Anasazi Pottery: Then and Now

(Note: I have used the CE meaning Common Era and BCE, Before Common Era.)

Anasazi pottery has been made from 700 CE to the present. The great civilization of the Anasazi haunts and intrigues people and the beautiful pottery is much sought after.

Anasazi is a Navaho word meaning “Ancient Ones.” It also has a loose, vague sense meaning “Ancient Enemy.” The Anasazi were the people who built the famous cliff dwellings at Mesa Verde. They existed from about 500 BCE to 1200 CE and settled in the Four Corners area of Arizona, New Mexico, Colorado, and Utah. They were variable and decentralized with different linguistic and political groups. Despite this, their pottery is instantly recognizable.

Before making pottery, the Anasazi made equally beautiful basket ware.
They began making pottery around 700 BCE The people settled in villages and grew squash, corn, and beans. They domesticated the turkey and supplemented their diets by some gathering and hunting. Trading was widespread. The Anasazi reached their peak around 1050 and began leaving their homes around 1200. By 1300, the great cliff dwellings were abandoned. It is thought that the people left due to severe droughts and attacks by the Navaho. The Anasazi are believed to be the ancestors of the Hopi, the Zuni, and the Pueblo. That they never really disappeared is shown by the unbroken creation of their pottery. With the coming of the Europeans, pottery making went into a decline, although women continued to make some. With the coming of the railroad and tourists production, quality, and prices went up.

A typical home probably had a fairly large number of pots and other ceramics for cooking, serving, and storing food. There were about six to seven ceramics for cooking and serving, three or four for storage, and at least one or two finely finished and decorated ceremonial pots. The everyday utilitarian pots were grayish and retained the coils of the structure. The pots were not flat on the bottom. They were made form sandstone and shale clay and the most valued pots held painted designs in red or black using brushes made from the yucca plant. They were fired in an open fire out of doors.

Restoration and conservation must keep in mind that Native Americans relate to pottery as more than an art form, they relate in a spiritual way as well. Preservation and analysis is done by several disciplines. Experts study food residues, carbon date, do pollen analysis and counts, and examine the geological characteristics in the matrix where the pottery was found.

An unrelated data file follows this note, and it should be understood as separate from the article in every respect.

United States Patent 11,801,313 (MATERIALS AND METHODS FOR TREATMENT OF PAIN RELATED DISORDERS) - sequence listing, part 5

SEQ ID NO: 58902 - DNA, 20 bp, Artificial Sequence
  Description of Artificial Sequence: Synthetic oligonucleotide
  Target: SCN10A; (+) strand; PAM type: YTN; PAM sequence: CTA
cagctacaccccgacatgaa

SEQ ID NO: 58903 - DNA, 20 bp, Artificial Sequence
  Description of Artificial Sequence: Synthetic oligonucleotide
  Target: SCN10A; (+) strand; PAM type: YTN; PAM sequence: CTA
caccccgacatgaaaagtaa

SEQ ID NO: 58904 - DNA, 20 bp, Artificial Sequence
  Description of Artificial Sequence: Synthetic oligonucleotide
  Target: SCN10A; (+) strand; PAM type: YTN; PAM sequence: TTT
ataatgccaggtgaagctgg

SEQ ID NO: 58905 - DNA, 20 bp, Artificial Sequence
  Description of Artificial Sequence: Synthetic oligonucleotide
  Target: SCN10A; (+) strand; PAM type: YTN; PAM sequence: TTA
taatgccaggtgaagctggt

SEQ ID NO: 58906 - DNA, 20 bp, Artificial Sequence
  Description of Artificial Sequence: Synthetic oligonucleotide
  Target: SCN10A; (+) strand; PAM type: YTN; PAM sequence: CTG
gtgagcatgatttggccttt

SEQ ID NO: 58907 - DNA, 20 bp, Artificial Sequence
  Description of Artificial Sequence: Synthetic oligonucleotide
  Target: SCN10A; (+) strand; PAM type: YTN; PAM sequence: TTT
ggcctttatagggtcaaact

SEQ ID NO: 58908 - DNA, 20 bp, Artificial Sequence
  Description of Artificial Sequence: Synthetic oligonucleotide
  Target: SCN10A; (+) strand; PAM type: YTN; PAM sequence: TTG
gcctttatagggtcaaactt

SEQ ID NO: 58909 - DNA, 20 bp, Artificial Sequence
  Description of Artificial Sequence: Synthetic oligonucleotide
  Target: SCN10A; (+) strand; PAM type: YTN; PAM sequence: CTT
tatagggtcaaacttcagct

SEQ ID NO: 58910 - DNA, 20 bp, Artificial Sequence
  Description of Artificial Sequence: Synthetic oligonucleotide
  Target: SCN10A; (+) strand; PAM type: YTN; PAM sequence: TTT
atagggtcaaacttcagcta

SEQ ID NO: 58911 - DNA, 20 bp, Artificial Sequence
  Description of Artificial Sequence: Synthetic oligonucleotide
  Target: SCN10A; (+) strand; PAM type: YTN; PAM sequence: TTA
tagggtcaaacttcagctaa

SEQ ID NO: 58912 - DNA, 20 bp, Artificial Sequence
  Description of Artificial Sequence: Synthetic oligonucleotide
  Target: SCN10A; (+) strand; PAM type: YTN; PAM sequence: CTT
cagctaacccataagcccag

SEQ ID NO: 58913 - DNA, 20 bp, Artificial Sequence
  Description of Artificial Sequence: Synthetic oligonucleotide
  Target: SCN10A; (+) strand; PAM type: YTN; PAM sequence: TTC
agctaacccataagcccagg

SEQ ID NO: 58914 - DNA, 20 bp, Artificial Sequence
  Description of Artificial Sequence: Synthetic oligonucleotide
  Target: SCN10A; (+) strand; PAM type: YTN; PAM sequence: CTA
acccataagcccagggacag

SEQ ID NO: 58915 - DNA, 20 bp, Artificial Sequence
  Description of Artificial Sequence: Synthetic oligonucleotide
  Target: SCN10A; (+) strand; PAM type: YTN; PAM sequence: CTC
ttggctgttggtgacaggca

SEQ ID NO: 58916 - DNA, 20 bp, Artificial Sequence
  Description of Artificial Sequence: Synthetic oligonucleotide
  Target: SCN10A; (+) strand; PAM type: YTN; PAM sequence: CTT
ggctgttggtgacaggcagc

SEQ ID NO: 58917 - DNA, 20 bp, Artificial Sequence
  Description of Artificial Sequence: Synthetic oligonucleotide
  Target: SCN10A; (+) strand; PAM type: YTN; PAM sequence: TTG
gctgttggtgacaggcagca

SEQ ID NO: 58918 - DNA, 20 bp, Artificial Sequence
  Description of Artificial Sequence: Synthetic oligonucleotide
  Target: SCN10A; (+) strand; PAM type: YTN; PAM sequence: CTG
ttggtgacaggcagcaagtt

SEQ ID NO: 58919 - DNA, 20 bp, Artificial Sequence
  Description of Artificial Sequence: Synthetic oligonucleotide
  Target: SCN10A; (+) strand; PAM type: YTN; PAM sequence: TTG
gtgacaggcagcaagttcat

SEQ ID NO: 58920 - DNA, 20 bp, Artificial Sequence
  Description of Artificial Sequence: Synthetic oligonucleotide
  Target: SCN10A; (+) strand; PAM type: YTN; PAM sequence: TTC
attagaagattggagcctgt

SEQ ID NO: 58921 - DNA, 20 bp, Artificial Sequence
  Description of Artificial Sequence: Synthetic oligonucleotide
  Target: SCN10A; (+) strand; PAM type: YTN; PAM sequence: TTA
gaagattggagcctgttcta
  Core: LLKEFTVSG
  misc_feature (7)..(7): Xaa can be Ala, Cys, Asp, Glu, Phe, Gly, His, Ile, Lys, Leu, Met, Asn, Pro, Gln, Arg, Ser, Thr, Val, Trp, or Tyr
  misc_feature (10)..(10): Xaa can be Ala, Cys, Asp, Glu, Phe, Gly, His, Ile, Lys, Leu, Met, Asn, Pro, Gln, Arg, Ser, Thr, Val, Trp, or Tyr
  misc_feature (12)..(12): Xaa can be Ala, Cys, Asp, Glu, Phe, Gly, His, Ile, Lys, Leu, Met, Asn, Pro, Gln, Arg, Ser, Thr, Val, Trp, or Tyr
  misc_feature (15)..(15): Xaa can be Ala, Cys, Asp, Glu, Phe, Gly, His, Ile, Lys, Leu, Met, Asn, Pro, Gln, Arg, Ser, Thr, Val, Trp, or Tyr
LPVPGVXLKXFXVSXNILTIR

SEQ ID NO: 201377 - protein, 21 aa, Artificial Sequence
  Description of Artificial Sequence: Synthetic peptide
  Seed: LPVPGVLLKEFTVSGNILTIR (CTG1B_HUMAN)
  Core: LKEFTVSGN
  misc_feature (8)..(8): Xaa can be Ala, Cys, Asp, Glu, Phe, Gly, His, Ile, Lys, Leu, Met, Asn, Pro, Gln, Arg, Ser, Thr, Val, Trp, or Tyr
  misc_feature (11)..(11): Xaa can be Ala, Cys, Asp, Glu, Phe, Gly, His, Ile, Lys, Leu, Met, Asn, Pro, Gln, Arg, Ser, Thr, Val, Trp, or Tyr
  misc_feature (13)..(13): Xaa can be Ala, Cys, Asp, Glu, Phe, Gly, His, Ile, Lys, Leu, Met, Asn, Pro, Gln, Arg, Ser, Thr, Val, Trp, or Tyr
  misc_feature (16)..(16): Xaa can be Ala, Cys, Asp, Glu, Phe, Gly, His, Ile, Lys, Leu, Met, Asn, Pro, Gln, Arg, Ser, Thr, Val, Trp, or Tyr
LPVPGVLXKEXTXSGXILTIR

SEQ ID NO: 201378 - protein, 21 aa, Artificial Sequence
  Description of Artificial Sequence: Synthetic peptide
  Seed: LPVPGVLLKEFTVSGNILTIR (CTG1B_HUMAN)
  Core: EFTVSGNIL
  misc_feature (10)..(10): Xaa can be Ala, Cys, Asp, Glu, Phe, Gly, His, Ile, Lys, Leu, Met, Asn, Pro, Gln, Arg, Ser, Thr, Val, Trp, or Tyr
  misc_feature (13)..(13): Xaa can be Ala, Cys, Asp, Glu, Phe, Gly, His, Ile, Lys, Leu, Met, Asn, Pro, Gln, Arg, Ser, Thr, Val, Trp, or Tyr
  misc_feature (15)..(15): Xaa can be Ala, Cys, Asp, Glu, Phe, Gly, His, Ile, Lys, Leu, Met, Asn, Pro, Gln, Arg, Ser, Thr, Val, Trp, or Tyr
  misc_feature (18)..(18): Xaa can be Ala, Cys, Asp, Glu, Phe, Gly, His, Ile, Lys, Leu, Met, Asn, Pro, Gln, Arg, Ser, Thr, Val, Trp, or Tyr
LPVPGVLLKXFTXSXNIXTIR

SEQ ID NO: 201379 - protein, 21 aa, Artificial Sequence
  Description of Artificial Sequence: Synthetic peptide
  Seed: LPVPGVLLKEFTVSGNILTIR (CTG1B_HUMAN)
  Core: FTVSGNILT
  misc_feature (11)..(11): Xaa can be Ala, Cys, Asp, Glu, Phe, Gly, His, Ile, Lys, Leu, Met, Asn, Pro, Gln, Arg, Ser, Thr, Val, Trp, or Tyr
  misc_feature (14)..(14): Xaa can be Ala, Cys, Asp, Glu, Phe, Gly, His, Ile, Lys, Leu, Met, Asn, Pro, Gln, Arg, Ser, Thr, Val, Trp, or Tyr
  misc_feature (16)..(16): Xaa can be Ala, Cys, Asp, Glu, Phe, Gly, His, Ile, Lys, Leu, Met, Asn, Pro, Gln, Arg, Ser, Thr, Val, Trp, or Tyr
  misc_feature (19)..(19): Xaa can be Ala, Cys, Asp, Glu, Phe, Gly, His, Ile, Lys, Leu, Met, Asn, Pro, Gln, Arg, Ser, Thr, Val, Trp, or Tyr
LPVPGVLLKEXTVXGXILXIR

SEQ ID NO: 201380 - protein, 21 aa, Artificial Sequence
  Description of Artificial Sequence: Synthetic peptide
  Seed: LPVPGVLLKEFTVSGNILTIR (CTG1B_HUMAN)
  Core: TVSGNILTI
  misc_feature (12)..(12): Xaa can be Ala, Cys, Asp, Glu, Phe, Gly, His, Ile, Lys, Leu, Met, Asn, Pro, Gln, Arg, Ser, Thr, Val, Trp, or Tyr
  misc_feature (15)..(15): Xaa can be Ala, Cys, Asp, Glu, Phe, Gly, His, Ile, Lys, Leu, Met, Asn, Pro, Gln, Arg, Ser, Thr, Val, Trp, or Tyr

Conservation and restoration considers:
1. Evidence of the original manufacture and wear patterns
2. Evidence of change or damage since original use
3. Modification or change from the present, which includes the restoration itself, which can take a toll on the original pottery.

Since the pottery is all low fired it is very delicate. Paints are often accidentally removed by washing of sanding and other procedures during restoration. There is often over painting when a person “restores” the pottery.

Now days any work done on the pottery should be made with an identifier that can be seen under UV light so that the pot can be identified as a restoration.

Today the making of fine pottery continues. Many potters use the old methods but grind up old shards to mix with the clay as a sign of respect and reverence for what has gone on before. The pottery is made with coils; hand polished, painted with a brush made from the yucca plant, and fired outdoors on the ground, not in a kiln. A pottery wheel is not used.

Many husband and wife teams make pottery today, the most famous being Maria Martinez and her husband. Maria Martinez is deceased and even her very small pots can fetch up to $3000. A good pot from a living potter can be found starting at around $75, although the work from better-known potters can sell for thousands of dollars.

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